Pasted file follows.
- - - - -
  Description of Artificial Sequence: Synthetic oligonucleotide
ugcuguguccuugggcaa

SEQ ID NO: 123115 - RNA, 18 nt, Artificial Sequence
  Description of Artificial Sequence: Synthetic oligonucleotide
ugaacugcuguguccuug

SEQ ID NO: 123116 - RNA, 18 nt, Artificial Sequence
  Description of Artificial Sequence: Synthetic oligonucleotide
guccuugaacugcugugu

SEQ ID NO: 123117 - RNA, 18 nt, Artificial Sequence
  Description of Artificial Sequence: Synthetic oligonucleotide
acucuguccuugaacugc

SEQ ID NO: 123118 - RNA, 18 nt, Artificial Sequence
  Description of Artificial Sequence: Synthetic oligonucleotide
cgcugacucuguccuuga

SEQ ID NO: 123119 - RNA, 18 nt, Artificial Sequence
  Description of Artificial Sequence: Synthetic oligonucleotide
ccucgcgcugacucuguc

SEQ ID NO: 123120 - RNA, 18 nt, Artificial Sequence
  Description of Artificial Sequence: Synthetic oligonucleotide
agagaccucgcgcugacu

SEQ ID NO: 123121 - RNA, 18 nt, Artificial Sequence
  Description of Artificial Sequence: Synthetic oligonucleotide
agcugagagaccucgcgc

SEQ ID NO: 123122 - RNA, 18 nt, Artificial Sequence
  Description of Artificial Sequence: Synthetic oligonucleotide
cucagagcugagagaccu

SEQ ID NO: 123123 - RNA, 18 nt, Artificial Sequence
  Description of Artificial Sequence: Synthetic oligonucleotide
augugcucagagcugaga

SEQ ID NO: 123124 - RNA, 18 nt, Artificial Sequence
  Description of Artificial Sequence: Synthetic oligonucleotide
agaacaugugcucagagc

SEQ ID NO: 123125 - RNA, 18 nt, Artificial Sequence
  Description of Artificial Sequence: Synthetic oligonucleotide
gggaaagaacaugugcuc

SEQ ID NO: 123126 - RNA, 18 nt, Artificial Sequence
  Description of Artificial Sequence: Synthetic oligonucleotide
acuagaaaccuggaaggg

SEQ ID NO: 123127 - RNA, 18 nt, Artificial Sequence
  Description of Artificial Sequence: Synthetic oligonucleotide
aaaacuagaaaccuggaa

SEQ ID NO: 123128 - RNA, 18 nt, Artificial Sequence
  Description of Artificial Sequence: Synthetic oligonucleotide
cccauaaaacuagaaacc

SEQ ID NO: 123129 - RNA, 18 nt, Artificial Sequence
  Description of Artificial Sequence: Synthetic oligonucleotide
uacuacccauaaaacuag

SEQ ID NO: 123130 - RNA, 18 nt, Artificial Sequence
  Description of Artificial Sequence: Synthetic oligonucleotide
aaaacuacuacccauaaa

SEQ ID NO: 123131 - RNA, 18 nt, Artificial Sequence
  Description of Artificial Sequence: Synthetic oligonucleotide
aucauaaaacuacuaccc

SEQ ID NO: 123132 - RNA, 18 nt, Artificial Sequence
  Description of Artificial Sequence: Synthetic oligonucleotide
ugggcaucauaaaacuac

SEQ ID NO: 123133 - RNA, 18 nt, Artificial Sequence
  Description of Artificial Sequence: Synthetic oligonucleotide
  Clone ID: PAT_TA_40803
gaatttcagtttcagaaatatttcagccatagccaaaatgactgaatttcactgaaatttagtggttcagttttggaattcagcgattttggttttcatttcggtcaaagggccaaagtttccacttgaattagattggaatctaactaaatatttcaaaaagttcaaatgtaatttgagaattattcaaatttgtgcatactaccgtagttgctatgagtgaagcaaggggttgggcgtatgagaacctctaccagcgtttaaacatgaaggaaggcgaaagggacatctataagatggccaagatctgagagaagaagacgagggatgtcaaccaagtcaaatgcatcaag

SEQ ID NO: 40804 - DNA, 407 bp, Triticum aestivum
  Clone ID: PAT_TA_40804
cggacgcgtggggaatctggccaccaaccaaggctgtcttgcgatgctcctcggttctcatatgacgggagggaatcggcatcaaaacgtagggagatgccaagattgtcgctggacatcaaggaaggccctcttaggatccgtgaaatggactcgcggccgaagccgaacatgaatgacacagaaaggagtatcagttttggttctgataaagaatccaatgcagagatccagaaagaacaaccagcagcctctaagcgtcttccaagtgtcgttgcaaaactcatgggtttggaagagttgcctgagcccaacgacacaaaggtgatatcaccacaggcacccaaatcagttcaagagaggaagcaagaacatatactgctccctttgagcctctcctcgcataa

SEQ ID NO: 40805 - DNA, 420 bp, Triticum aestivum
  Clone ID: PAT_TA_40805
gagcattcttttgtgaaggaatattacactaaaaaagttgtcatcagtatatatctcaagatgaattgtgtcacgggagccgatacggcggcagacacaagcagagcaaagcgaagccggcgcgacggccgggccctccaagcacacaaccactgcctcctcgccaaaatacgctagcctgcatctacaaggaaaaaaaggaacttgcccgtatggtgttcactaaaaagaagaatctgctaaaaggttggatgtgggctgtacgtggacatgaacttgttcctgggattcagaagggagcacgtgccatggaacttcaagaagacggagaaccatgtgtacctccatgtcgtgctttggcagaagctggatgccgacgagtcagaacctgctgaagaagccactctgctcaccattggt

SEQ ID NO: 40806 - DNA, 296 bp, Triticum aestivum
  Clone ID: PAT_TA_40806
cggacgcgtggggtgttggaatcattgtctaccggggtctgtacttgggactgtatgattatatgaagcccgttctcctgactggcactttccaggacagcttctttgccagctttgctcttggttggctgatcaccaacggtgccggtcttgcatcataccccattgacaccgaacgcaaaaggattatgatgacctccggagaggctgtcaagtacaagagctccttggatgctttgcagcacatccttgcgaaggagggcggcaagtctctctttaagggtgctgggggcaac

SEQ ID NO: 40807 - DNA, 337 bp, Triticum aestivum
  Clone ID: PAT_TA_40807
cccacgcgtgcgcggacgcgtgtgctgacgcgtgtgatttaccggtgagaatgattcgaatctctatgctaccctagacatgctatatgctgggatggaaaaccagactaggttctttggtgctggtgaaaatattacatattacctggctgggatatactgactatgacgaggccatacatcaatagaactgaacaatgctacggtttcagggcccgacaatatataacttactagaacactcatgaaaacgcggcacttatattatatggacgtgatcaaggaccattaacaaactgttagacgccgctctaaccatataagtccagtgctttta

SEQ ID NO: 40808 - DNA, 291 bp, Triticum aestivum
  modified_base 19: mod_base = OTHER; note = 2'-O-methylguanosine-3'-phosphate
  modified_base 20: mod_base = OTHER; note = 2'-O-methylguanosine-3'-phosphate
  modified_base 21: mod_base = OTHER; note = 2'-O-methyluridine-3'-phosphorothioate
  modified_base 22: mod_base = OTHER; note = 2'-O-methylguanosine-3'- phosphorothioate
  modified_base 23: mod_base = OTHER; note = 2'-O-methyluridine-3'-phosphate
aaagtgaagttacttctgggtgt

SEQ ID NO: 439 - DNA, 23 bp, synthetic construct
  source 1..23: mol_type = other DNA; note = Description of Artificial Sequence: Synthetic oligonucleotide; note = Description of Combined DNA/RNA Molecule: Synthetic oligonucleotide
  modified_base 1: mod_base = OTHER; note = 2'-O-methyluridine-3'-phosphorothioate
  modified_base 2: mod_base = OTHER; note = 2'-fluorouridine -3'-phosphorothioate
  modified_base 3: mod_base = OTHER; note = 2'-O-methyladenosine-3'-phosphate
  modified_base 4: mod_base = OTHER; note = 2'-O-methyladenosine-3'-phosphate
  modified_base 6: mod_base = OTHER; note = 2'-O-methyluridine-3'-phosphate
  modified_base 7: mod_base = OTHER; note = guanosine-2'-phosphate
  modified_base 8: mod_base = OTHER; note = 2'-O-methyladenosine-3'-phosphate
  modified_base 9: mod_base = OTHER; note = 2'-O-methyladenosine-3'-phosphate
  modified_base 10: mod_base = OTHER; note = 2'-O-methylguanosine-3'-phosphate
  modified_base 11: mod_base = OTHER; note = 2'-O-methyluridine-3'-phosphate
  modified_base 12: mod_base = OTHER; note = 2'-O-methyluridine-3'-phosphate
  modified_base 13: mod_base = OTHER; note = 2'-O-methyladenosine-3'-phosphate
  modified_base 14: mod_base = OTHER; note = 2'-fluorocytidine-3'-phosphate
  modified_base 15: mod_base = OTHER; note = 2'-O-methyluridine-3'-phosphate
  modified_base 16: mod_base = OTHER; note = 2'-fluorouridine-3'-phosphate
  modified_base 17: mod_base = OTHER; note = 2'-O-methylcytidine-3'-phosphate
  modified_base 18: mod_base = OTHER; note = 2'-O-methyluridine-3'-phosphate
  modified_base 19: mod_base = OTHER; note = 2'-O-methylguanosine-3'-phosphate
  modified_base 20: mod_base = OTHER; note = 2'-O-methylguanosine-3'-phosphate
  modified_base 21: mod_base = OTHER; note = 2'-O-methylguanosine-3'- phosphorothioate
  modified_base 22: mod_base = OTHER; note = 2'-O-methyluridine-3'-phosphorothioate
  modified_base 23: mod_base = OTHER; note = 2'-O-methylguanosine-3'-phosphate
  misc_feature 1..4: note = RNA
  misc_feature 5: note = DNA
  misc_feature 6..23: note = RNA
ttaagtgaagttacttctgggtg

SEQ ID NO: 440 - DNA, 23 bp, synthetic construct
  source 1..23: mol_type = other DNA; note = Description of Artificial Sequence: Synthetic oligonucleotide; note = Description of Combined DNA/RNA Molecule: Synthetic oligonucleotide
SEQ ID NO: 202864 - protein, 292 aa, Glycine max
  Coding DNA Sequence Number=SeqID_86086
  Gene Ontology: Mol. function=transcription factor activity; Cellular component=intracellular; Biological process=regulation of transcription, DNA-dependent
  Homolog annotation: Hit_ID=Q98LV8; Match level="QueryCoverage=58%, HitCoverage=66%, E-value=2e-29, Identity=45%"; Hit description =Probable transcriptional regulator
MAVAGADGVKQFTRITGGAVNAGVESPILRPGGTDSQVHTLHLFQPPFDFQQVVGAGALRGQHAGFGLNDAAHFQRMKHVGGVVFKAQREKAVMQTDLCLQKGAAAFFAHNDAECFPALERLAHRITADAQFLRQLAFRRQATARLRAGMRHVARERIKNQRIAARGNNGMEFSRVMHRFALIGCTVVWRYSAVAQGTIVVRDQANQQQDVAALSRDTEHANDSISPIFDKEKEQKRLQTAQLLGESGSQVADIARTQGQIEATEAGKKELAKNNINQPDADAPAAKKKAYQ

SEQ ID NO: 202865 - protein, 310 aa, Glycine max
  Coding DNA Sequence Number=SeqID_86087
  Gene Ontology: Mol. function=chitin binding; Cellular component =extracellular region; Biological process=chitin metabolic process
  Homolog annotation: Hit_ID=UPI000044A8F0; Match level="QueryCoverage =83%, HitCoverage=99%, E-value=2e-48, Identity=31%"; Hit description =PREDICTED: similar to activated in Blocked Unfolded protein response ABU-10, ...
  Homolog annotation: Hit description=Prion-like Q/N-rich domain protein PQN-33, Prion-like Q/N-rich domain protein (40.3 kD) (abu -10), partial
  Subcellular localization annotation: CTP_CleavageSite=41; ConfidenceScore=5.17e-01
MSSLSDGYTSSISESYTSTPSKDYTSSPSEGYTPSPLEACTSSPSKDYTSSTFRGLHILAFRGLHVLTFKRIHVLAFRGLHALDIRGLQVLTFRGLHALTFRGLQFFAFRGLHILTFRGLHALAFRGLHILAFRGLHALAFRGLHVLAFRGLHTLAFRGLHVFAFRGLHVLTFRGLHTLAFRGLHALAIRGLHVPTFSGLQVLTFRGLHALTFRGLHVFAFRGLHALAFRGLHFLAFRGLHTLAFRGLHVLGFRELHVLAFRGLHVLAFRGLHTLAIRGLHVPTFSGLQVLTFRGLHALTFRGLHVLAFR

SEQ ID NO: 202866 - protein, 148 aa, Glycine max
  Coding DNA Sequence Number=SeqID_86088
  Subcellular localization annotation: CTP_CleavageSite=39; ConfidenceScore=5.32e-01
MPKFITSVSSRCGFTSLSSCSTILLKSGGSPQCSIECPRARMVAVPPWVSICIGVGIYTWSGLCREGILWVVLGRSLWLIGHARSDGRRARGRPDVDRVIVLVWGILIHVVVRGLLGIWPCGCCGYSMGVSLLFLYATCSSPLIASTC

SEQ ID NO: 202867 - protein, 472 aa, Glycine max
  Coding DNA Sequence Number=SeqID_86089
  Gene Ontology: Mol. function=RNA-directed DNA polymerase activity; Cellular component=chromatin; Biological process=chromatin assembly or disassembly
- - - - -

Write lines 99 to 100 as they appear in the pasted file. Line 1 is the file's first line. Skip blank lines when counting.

  modified_base 19: mod_base = OTHER; note = 2'-O-methylguanosine-3'-phosphate
  modified_base 20: mod_base = OTHER; note = 2'-O-methylguanosine-3'-phosphate